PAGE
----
When Your Lack of Ability To Do, Ceases to Hinder Your Ability to Explain
I remember as a young coach and trainer when I was a hard charger ready to change the lives of the entire world with what I knew from being college athlete and Bachelor’s in Kinesiology with ink still wet on the diploma. I can’t tell you how many times I uttered the words, “I won’t have anyone do anything that I CAN’T or WON’T do myself.”
I look back on that phrase and I can’t believe how dumb it is. How many of us coaches have watered down the true efficacy of our programming and hindered the progress of our athletes because there are things that we can’t do ourselves, either right now, or ever? This is the ego preventing you from being the greatest coach you can be and truly reaching your full potential. You don’t want to seem fallable to your athletes. Well guess what, get comfortable with the idea.
Not all of us are going to be able to pull 700 pounds off the floor. Not all of us are going to be able to put together a string of muscle ups. Not everyone will ever have a mile run time south of 6 minutes. That’s not the point. You are now the teacher, not the student. Your sole purpose in life, is to get your people as close the upper limits of their potential as athletes as possible. NO ONE GIVES A SHIT WHAT YOU CAN or CAN NOT DO. But can you teach it? That’s all that matters.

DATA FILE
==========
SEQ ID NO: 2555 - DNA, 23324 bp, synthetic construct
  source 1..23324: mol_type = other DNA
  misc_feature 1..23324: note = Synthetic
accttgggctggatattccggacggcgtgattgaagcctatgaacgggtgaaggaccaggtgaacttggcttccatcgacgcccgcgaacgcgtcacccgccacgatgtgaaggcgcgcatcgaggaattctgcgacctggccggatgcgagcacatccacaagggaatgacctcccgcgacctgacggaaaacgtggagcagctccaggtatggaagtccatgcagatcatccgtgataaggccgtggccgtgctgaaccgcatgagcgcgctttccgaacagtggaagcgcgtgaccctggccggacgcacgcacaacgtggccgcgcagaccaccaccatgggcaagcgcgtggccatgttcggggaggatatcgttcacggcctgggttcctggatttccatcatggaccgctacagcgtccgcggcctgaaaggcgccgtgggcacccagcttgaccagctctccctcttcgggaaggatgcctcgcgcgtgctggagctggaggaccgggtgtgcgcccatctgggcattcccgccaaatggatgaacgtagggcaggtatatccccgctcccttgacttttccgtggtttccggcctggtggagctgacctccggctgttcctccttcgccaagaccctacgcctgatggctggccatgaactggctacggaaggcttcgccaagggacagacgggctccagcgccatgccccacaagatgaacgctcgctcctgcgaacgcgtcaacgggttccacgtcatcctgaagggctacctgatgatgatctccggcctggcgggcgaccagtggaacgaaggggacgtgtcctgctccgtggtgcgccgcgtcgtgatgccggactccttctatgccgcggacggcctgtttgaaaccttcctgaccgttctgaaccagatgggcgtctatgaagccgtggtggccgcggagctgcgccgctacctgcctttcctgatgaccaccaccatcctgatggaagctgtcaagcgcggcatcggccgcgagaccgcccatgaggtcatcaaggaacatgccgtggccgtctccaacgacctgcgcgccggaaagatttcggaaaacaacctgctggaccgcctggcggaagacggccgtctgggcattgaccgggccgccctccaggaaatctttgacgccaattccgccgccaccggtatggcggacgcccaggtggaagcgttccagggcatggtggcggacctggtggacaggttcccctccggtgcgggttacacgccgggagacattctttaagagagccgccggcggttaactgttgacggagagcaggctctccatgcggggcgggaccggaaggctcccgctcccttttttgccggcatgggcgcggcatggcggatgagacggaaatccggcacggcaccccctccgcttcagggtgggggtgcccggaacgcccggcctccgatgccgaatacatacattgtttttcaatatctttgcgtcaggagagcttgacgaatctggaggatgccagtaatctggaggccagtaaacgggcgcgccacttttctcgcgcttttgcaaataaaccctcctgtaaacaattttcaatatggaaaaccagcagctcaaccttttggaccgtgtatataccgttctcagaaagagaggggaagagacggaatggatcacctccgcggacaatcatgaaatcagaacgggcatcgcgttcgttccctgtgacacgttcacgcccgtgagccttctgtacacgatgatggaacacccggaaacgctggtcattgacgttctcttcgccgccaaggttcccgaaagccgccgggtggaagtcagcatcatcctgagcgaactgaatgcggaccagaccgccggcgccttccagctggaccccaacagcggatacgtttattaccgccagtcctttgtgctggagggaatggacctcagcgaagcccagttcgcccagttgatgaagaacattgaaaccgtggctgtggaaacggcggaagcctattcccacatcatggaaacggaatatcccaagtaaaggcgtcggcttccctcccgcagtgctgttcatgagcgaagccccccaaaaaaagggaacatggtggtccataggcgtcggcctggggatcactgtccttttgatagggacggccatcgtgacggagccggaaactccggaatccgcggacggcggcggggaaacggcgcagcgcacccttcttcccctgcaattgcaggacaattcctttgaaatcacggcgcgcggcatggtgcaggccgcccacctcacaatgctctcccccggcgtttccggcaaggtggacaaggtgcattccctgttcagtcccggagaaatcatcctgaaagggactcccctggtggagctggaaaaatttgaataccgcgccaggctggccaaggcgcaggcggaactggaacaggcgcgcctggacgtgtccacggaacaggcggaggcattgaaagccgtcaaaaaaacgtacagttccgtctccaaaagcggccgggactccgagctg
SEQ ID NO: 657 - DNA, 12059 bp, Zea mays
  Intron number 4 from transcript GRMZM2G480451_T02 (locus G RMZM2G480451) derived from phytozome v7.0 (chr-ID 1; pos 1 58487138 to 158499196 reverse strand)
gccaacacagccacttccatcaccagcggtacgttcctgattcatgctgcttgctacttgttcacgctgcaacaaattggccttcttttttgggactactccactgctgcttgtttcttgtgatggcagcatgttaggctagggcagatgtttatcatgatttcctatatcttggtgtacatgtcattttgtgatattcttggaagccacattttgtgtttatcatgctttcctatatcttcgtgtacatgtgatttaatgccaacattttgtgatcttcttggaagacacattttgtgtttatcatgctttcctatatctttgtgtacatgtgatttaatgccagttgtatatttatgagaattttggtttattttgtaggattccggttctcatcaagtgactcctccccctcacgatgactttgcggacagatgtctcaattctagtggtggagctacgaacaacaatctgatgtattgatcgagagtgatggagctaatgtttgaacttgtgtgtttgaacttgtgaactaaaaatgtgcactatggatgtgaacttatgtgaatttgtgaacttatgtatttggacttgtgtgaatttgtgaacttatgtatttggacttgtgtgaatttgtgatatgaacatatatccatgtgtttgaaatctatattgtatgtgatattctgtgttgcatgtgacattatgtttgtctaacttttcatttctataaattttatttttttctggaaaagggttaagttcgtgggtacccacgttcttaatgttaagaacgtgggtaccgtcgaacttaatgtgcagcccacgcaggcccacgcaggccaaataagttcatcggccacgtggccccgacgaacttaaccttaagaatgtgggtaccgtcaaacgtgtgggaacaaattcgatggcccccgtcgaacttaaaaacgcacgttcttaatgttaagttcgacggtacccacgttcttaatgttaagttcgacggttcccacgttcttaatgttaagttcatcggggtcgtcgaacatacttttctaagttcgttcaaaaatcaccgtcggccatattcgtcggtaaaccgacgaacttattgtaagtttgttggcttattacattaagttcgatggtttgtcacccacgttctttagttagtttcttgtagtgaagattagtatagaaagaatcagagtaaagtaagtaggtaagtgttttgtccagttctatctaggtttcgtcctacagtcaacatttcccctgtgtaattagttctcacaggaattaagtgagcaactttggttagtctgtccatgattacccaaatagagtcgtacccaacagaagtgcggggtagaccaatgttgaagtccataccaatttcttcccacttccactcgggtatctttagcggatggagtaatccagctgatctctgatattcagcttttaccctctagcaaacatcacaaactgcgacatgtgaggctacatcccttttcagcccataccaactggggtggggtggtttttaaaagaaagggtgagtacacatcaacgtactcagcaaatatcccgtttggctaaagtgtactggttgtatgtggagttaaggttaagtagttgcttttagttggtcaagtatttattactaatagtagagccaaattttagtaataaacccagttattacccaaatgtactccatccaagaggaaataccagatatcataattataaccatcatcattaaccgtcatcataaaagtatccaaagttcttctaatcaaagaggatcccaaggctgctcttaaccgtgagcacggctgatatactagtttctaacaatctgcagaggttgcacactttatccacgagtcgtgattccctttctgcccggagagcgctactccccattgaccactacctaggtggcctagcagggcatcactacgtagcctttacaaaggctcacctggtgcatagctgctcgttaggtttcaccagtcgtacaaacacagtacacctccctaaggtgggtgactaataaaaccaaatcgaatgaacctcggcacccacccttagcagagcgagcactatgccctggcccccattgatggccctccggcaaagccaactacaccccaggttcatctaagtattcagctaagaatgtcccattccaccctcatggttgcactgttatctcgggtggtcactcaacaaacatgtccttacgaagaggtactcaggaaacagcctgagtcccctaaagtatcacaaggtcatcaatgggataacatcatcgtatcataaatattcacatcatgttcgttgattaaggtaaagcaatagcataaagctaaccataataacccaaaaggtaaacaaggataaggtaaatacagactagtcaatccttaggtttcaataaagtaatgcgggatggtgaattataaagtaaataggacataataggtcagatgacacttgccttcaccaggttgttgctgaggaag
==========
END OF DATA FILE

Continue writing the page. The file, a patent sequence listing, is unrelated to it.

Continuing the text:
Get your head out of your butt. You are the coach. You better have the ability to accurately explain stuff you may or may not be capable of doing. I was teaching double unders and watching my members and fellow coaches whiz by me in WODs long before stringing 50 or more together unbroken was even close to a realistic goal for me. You need to be comfortable with the fact that you have the pleasure of coaching people with greater athletic ability than you might have. Hell, some people will pick up a movement or two, be able to crush certain workouts, or outlift their EVERYONE else, including you, coach!
That doesn’t mean you suck. Your job, is to pull that potential out of people and give them the tools and resources they need to maximize their gifts and talents. Give them that extra push that gets them excited to work on their weaknesses and develop their strengths. If you’re not challenging your athletes, you’re cheating them. Regardless of what they say, or how they feel, they are there to be pushed. Comfort was never achieved by staying comfortable. The struggle, right there at the edge of your comfort zone, is where you’re athletes need to live.
As the body adapts, that boundary gets further away, and the realm of comfort expands. When your athletes are able to do more work before experience the discomfort that comes with accomplishing progress, that’s when you know you’re doing it right.
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